What would it mean to think of a city as a dense mesh of active, communicating objects — each one able to gather information from the environment around it, routinely share that information with other objects as well as human users, even act upon it where appropriate? And if we can treat the things we encounter in urban environments as system resources, rather than a mute collection of disarticulated buildings, vehicles, sewers and sidewalks, what might we do with them?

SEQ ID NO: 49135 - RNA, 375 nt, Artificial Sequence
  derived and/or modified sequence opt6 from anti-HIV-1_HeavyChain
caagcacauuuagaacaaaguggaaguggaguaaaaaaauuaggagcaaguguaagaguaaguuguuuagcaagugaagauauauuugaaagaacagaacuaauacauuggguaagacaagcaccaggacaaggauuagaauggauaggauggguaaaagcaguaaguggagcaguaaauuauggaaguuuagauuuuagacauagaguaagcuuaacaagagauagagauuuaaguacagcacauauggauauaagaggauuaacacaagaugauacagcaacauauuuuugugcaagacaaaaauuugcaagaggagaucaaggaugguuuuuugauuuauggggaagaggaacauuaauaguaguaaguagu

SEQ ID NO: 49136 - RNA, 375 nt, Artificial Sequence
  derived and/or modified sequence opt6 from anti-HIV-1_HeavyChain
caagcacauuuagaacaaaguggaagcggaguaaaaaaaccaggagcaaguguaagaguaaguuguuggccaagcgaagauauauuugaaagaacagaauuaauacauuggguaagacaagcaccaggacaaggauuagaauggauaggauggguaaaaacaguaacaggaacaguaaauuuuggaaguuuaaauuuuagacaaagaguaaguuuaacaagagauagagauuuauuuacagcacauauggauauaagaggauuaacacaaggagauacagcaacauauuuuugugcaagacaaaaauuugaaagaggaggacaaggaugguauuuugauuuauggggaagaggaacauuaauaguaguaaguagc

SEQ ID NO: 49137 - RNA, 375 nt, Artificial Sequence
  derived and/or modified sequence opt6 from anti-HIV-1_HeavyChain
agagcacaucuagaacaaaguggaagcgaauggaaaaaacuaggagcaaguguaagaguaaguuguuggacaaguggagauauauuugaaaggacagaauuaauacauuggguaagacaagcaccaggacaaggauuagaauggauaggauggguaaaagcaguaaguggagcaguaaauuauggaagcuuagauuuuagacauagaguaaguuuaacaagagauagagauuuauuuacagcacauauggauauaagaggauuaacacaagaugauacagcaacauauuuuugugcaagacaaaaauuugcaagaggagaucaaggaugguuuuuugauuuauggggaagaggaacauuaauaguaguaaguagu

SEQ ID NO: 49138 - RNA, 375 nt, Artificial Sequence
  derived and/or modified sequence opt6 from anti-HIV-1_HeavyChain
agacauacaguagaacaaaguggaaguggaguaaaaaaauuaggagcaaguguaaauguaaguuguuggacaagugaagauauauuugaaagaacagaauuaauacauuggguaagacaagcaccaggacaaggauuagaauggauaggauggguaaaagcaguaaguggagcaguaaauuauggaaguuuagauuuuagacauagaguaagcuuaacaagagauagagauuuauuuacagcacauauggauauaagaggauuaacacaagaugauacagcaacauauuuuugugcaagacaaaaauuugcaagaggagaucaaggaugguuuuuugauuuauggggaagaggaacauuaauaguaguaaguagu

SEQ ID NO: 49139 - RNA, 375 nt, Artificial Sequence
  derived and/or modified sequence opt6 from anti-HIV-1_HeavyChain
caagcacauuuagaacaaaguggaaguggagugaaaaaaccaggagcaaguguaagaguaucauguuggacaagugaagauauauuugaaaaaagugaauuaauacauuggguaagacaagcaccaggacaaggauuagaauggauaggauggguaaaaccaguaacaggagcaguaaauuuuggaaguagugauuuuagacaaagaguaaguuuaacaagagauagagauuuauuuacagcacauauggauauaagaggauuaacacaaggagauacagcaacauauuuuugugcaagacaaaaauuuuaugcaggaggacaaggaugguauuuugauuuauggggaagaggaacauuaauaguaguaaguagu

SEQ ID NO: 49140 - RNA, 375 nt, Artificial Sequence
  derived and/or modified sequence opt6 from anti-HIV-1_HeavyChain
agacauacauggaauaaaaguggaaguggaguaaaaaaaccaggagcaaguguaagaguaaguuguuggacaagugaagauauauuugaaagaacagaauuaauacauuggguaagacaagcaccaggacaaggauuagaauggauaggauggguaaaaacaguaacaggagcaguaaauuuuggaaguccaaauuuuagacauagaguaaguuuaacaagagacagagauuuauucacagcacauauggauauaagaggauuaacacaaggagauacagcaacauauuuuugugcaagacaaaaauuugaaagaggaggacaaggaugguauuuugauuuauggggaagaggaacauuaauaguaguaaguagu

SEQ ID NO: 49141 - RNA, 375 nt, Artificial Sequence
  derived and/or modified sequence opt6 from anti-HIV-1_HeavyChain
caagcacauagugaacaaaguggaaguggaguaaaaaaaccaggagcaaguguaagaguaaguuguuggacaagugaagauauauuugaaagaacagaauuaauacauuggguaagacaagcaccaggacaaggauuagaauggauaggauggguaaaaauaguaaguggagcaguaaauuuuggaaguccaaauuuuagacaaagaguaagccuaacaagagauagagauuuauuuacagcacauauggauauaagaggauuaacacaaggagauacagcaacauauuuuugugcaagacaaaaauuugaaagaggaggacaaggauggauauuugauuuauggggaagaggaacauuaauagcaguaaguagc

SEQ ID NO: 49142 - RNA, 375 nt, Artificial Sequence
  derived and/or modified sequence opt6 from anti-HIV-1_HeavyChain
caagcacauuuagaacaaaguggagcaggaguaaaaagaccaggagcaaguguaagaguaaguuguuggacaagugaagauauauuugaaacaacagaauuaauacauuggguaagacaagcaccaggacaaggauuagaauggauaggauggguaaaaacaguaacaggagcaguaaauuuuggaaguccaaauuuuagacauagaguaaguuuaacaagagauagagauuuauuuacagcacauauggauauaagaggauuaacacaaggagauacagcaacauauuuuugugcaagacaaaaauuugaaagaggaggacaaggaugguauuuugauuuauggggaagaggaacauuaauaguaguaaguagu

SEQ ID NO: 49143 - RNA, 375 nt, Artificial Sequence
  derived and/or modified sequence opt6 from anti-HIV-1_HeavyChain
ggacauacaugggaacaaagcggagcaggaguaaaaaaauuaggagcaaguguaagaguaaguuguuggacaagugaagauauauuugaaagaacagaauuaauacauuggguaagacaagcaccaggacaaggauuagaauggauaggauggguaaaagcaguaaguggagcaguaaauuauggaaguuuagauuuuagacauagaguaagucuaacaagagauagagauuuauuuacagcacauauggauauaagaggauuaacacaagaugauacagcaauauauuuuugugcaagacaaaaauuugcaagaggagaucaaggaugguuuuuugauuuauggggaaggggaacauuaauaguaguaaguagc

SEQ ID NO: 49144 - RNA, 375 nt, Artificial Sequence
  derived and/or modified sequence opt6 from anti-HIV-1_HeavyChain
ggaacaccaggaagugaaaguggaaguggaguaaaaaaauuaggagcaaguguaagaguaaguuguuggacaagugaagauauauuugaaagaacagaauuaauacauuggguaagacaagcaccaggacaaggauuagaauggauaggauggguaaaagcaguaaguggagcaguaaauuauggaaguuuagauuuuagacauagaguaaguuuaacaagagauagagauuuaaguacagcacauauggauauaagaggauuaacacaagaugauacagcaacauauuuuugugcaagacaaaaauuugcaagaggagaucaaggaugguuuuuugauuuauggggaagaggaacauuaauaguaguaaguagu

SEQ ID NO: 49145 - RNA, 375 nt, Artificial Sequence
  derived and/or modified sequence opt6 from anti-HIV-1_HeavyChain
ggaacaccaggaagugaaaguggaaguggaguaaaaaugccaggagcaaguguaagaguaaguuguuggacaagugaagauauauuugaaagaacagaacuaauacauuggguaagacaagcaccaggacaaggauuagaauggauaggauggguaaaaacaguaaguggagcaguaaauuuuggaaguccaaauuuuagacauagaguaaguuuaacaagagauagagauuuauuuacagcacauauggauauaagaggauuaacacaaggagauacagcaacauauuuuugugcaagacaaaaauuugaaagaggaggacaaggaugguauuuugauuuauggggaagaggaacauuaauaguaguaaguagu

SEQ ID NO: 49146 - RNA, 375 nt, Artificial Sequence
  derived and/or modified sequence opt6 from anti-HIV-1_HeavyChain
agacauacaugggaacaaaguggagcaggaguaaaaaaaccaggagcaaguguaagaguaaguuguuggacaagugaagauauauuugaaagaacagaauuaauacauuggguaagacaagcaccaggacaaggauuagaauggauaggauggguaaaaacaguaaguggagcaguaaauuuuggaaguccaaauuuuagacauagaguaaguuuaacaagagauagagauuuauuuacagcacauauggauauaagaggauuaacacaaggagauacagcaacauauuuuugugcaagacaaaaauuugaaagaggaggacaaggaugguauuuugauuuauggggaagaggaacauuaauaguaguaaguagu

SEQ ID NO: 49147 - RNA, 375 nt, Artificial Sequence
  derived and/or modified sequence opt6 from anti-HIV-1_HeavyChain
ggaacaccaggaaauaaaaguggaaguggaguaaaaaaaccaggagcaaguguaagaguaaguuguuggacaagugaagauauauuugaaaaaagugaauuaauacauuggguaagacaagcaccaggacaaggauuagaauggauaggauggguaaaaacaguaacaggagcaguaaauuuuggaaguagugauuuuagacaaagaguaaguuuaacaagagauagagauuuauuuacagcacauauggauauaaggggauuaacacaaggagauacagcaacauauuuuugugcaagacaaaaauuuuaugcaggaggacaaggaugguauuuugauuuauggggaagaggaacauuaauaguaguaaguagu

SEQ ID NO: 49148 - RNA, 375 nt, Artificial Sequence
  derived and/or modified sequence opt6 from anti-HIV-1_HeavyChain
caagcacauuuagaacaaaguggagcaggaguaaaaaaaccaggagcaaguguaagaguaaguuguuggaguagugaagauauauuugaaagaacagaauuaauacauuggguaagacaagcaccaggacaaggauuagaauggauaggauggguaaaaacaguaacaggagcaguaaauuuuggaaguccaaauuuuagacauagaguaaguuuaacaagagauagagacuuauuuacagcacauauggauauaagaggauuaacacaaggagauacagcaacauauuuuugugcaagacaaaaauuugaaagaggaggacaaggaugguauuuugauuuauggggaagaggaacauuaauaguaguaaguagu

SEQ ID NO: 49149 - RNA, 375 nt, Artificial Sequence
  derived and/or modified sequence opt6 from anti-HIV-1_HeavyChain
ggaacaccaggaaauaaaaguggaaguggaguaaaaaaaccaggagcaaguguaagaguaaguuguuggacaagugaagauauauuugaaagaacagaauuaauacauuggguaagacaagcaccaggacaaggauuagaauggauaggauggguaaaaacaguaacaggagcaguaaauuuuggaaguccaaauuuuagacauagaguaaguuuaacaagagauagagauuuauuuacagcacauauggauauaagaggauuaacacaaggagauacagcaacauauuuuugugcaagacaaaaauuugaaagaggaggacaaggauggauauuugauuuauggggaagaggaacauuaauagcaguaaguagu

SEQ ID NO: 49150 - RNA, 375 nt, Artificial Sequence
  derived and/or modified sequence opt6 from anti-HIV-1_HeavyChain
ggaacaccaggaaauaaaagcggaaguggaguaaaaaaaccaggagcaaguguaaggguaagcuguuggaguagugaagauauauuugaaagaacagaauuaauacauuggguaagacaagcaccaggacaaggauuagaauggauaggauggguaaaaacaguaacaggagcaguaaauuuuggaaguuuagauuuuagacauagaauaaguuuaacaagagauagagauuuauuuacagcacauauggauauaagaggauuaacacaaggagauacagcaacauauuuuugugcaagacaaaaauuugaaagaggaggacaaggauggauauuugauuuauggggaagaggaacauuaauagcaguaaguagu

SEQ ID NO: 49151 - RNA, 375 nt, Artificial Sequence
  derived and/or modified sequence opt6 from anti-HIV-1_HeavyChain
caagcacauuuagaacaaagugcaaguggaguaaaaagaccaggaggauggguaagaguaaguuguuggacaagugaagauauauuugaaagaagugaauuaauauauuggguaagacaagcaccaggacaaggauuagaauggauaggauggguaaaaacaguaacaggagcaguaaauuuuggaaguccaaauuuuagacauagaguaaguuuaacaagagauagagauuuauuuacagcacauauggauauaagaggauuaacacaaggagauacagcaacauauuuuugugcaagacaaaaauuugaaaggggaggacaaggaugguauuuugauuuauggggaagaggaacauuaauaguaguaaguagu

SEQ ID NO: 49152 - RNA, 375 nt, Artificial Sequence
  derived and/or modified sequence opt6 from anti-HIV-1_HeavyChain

Greenfield goes on to call for the need for the city to be open in terms of data, ownership and usage (w)rites. In this vein he makes a call for something that came up often in last years Infrastructural City blog-discussion, lead by Mammoth, “Just as the novice programmer is invited to learn from, understand, and improve upon — to “hack” — open-source software, the city itself should invite its users to demystify and reengineer the places in which they live and the processes which generate meaning, at the most intimate and immediate level.”
Via Adam Greenfield over at Urbanscale (here)